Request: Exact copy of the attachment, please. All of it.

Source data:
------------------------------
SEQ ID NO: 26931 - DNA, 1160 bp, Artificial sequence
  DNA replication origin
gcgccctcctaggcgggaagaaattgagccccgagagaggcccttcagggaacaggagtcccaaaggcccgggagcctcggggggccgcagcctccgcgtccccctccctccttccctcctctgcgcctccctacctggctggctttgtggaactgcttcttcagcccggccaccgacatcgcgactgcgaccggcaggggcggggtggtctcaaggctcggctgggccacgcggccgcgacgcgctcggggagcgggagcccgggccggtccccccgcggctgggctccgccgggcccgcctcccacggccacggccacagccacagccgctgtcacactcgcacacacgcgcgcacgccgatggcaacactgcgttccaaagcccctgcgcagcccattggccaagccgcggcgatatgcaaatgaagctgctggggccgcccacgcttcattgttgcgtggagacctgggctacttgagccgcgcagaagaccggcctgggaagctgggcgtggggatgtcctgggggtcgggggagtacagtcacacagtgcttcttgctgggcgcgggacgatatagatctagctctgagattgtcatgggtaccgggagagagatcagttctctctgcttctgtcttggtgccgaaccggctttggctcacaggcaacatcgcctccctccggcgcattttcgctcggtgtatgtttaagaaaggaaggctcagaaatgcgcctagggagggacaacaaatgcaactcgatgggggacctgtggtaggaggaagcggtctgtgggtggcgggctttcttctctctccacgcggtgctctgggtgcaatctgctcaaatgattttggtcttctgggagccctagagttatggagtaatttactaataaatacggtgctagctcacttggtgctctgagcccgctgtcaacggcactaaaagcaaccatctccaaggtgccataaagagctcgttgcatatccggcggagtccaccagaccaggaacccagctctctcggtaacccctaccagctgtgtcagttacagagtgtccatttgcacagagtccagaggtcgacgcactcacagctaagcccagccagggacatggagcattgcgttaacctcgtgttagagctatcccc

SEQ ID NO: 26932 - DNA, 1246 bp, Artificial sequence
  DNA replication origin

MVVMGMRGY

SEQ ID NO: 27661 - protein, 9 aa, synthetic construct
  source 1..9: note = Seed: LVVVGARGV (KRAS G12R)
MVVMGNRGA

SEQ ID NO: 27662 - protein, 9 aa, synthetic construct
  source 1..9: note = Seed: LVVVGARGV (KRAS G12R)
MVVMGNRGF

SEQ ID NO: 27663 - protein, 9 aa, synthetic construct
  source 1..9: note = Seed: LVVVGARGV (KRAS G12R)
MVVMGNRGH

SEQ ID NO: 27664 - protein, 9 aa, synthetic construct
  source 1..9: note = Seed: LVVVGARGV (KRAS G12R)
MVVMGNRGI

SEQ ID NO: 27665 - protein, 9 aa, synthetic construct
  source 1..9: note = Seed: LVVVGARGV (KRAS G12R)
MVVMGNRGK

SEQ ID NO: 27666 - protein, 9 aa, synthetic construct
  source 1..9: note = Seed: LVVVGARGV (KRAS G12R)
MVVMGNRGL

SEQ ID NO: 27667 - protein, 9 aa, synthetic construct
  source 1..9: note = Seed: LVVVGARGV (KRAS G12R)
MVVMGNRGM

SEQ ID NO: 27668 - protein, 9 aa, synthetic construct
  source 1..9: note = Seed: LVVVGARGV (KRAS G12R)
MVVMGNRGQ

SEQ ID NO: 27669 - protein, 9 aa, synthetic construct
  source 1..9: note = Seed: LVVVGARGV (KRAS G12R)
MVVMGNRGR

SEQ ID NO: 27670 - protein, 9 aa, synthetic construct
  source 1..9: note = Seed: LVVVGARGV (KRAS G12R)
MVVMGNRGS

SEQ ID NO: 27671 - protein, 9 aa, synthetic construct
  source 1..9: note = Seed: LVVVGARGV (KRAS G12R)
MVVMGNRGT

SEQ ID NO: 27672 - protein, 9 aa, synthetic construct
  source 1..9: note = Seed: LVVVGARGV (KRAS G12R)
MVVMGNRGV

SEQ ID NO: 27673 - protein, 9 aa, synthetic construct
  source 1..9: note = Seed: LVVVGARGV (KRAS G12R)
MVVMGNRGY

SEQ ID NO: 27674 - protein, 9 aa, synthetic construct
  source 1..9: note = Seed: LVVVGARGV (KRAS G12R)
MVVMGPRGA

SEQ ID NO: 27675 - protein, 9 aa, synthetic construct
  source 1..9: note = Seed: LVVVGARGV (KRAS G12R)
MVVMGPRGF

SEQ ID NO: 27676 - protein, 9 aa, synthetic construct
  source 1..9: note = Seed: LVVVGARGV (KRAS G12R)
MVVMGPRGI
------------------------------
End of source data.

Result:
SEQ ID NO: 26931 - DNA, 1160 bp, Artificial sequence
  DNA replication origin
gcgccctcctaggcgggaagaaattgagccccgagagaggcccttcagggaacaggagtcccaaaggcccgggagcctcggggggccgcagcctccgcgtccccctccctccttccctcctctgcgcctccctacctggctggctttgtggaactgcttcttcagcccggccaccgacatcgcgactgcgaccggcaggggcggggtggtctcaaggctcggctgggccacgcggccgcgacgcgctcggggagcgggagcccgggccggtccccccgcggctgggctccgccgggcccgcctcccacggccacggccacagccacagccgctgtcacactcgcacacacgcgcgcacgccgatggcaacactgcgttccaaagcccctgcgcagcccattggccaagccgcggcgatatgcaaatgaagctgctggggccgcccacgcttcattgttgcgtggagacctgggctacttgagccgcgcagaagaccggcctgggaagctgggcgtggggatgtcctgggggtcgggggagtacagtcacacagtgcttcttgctgggcgcgggacgatatagatctagctctgagattgtcatgggtaccgggagagagatcagttctctctgcttctgtcttggtgccgaaccggctttggctcacaggcaacatcgcctccctccggcgcattttcgctcggtgtatgtttaagaaaggaaggctcagaaatgcgcctagggagggacaacaaatgcaactcgatgggggacctgtggtaggaggaagcggtctgtgggtggcgggctttcttctctctccacgcggtgctctgggtgcaatctgctcaaatgattttggtcttctgggagccctagagttatggagtaatttactaataaatacggtgctagctcacttggtgctctgagcccgctgtcaacggcactaaaagcaaccatctccaaggtgccataaagagctcgttgcatatccggcggagtccaccagaccaggaacccagctctctcggtaacccctaccagctgtgtcagttacagagtgtccatttgcacagagtccagaggtcgacgcactcacagctaagcccagccagggacatggagcattgcgttaacctcgtgttagagctatcccc

SEQ ID NO: 26932 - DNA, 1246 bp, Artificial sequence
  DNA replication origin

MVVMGMRGY

SEQ ID NO: 27661 - protein, 9 aa, synthetic construct
  source 1..9: note = Seed: LVVVGARGV (KRAS G12R)
MVVMGNRGA

SEQ ID NO: 27662 - protein, 9 aa, synthetic construct
  source 1..9: note = Seed: LVVVGARGV (KRAS G12R)
MVVMGNRGF

SEQ ID NO: 27663 - protein, 9 aa, synthetic construct
  source 1..9: note = Seed: LVVVGARGV (KRAS G12R)
MVVMGNRGH

SEQ ID NO: 27664 - protein, 9 aa, synthetic construct
  source 1..9: note = Seed: LVVVGARGV (KRAS G12R)
MVVMGNRGI

SEQ ID NO: 27665 - protein, 9 aa, synthetic construct
  source 1..9: note = Seed: LVVVGARGV (KRAS G12R)
MVVMGNRGK

SEQ ID NO: 27666 - protein, 9 aa, synthetic construct
  source 1..9: note = Seed: LVVVGARGV (KRAS G12R)
MVVMGNRGL

SEQ ID NO: 27667 - protein, 9 aa, synthetic construct
  source 1..9: note = Seed: LVVVGARGV (KRAS G12R)
MVVMGNRGM

SEQ ID NO: 27668 - protein, 9 aa, synthetic construct
  source 1..9: note = Seed: LVVVGARGV (KRAS G12R)
MVVMGNRGQ

SEQ ID NO: 27669 - protein, 9 aa, synthetic construct
  source 1..9: note = Seed: LVVVGARGV (KRAS G12R)
MVVMGNRGR

SEQ ID NO: 27670 - protein, 9 aa, synthetic construct
  source 1..9: note = Seed: LVVVGARGV (KRAS G12R)
MVVMGNRGS

SEQ ID NO: 27671 - protein, 9 aa, synthetic construct
  source 1..9: note = Seed: LVVVGARGV (KRAS G12R)
MVVMGNRGT

SEQ ID NO: 27672 - protein, 9 aa, synthetic construct
  source 1..9: note = Seed: LVVVGARGV (KRAS G12R)
MVVMGNRGV

SEQ ID NO: 27673 - protein, 9 aa, synthetic construct
  source 1..9: note = Seed: LVVVGARGV (KRAS G12R)
MVVMGNRGY

SEQ ID NO: 27674 - protein, 9 aa, synthetic construct
  source 1..9: note = Seed: LVVVGARGV (KRAS G12R)
MVVMGPRGA

SEQ ID NO: 27675 - protein, 9 aa, synthetic construct
  source 1..9: note = Seed: LVVVGARGV (KRAS G12R)
MVVMGPRGF

SEQ ID NO: 27676 - protein, 9 aa, synthetic construct
  source 1..9: note = Seed: LVVVGARGV (KRAS G12R)
MVVMGPRGI